History vs. Myth

You don’t need fiction when history provides you with tales as crazy as the ones we’ve collected for you. Read up while your jaw drops.

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10 Real Events That Seem Like Hoaxes

Did you hear the one about Elvis meeting President Nixon to help the youth stay off drugs? Or 50 Cent performing at a bat mitzvah? These may sound like urban legends, but this time the events are all true.

10 of History's Most Torrid Love Affairs

Scarlett and Rhett's relationship drama may seem fit only for fiction, but plenty of real-life couples could go toe-to-toe with them as far as torrid affairs go. Here are 10 historical duos that fit the bill.

Was there a real Atlantis?

The search for the lost city of Atlantis has obsessed scientists and historians for centuries, thanks to Plato's written account of its destruction. But is it real? If so, where is it?

What are the origins of democracy?

Democracy, a system of government that puts power in the hands of the people, is progressive enough to sound decidedly modern. But it's older than you'd expect. How did democracy come to be in the first place?

What was the 20th century's first genocide?

The 20th century was rife with genocide, from the atrocities waged by Nazi Germany to the massacre of Bosnian Muslims in the 1990s. But what was the century's first genocide, and who waged it?

Has torture always been controversial?

Torture -- in all its variations -- has been around for centuries, but has the practice always been as controversial as it is today?

Was there a real Robin Hood?

The legendary outlaw Robin Hood has scraped his way through history, stealing from the rich, giving to the poor and never missing his mark. But was there ever a real Robin Hood, and was he at all like the man in the myth?

Why can't we solve the Amelia Earhart mystery?

Amelia Earhart vanished more than 75 years ago, and her fate still perplexes the world. What happened to this internationally acclaimed pilot? What's keeping us from finding out?

What really happened at Kent State?

The 1970s was a tumultuous era that began with tragedy on Kent State's campus. Four students were killed in the midst of protests against the Vietnam War. But who's to blame is still up for debate.

Did the United States Put Its Own Citizens in Concentration Camps During WWII?

The United States is the land of life, liberty and the pursuit of happiness. So why were some West Coasters forcibly relocated after the attack on Pearl Harbor?

Did Betsy Ross really make the first American flag?

Its broad stripes and bright stars are up for debate. Classic American lore would have us believe that Betsy Ross made the first U.S. flag, but some historians dismiss this as a campy tale.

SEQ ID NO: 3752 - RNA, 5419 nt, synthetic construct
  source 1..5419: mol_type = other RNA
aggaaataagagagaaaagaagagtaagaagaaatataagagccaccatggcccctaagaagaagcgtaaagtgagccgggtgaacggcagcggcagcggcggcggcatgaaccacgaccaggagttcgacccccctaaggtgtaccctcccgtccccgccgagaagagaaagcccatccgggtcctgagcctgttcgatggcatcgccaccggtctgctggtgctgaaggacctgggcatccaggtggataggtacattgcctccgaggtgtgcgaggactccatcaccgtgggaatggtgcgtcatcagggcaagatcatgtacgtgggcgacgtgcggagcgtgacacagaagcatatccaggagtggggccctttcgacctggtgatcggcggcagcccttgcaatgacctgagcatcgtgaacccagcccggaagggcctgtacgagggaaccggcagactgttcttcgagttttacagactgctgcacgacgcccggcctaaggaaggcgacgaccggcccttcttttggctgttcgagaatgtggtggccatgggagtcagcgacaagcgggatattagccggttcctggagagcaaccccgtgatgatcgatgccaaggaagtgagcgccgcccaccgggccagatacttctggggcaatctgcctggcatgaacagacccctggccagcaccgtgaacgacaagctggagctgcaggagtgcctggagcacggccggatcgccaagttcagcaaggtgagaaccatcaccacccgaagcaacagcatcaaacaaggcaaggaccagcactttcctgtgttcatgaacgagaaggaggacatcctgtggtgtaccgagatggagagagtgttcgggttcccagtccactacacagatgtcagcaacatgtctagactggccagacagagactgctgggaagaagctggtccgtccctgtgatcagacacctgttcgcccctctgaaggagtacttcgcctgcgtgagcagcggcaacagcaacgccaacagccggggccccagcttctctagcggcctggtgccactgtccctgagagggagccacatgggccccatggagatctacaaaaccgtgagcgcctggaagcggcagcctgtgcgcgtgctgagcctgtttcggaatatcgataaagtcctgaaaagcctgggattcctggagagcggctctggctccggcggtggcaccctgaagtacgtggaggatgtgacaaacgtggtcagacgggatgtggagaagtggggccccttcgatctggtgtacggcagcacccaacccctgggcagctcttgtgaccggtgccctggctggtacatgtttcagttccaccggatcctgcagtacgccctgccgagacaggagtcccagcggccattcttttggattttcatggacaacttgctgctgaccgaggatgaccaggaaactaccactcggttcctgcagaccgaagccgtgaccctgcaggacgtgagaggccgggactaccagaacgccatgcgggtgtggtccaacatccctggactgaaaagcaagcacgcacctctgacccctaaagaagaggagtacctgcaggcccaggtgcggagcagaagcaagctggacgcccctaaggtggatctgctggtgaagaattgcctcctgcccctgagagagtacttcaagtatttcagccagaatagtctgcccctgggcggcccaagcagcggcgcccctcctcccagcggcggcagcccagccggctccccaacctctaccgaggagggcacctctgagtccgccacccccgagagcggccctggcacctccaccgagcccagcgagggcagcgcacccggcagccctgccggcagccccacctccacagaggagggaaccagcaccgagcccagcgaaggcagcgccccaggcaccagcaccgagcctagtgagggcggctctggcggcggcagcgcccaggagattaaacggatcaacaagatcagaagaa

Why was Executive Order No. 9981 so important?

When the U.S. president issues an executive order, he means business. These orders call for complete cooperation from federal agencies and officials. What was so remarkable about No. 9981?

Who killed JFK?

The Warren Commission published its findings on President John F. Kennedy's assassination in a report in 1964. So why do people still ask who killed JFK?

Did Cleopatra really lose the Battle of Actium?

In ancient Egypt, the ultimate political power couple was Mark Antony and Cleopatra. Their hopes of building a massive of empire hinged on the fateful Battle of Actium.

Why did ancient Egyptian men wear cosmetics?

We can't quite figure out why rock stars such as Pete Wentz wear eye liner. But ancient Egyptian men had good reason to apply eye makeup, pluck their brows and don hair extensions.

Why did Gandhi march 240 miles for salt?

Before Martin Luther King Jr., another man advocated civil disobedience: Gandhi. When India was under Britain's thumb, Gandhi's salt march became his most successful campaign in history.

Did the Dutch really trade Manhattan for nutmeg?

It's the garnish of choice for eggnog, and some say it's an aphrodisiac. Nutmeg used to be a really hot commodity -- so hot, the Dutch thought it was more valuable than Manhattan.

Were people vying to become slaves in the Ottoman Empire?

You may have heard your parents say, "I know what's best for you." In the 14th century, some Christian parents thought sacrificing their children to slavery was a benevolent measure.

10 of the Biggest Lies in History

You don't look fat in those pants. I didn't copy off his paper. She's a natural blonde. I am not a crook. Lots of us lie, but what are the biggest fibs ever told?

How did a shipwreck double the size of the United States?

Shipwrecks have been known to increase bank accounts. But only one has been known to double the size of an entire country. What happened to El Cazador?

How did an attempt to blind a pope establish the Holy Roman Empire?

A band of men assaulted the pope to force him out. When that failed, the pope sought asylum from the king. How did that form the Holy Roman Empire?

How did a Harvard commencement speech help save Europe after World War II?

Harvard University was poised to bestow an honorary doctorate on George Marshall. He accepted the degree with a little speech about economic recovery.

10 Historically Inaccurate Movies

These films look like blooper reels when you compare them to history books. From anachronisms to flat-out lies, creative license reigns in this list.

Did a U.S. president rewrite the Bible?

Many of the world's people regard the Bible as a sacred text that's integral to their daily lives. So what inspired a U.S. president to cut up a Bible and take out sections he disapproved of?

Was there really a pied piper of Hamelin?

You've heard the fairy tale about the pied piper and how he lures away Hamelin's rats -- and the town's children when the mayor won't pay up. It it true? One thing's for sure: You won't be reading this article to your children as a bedtime story.


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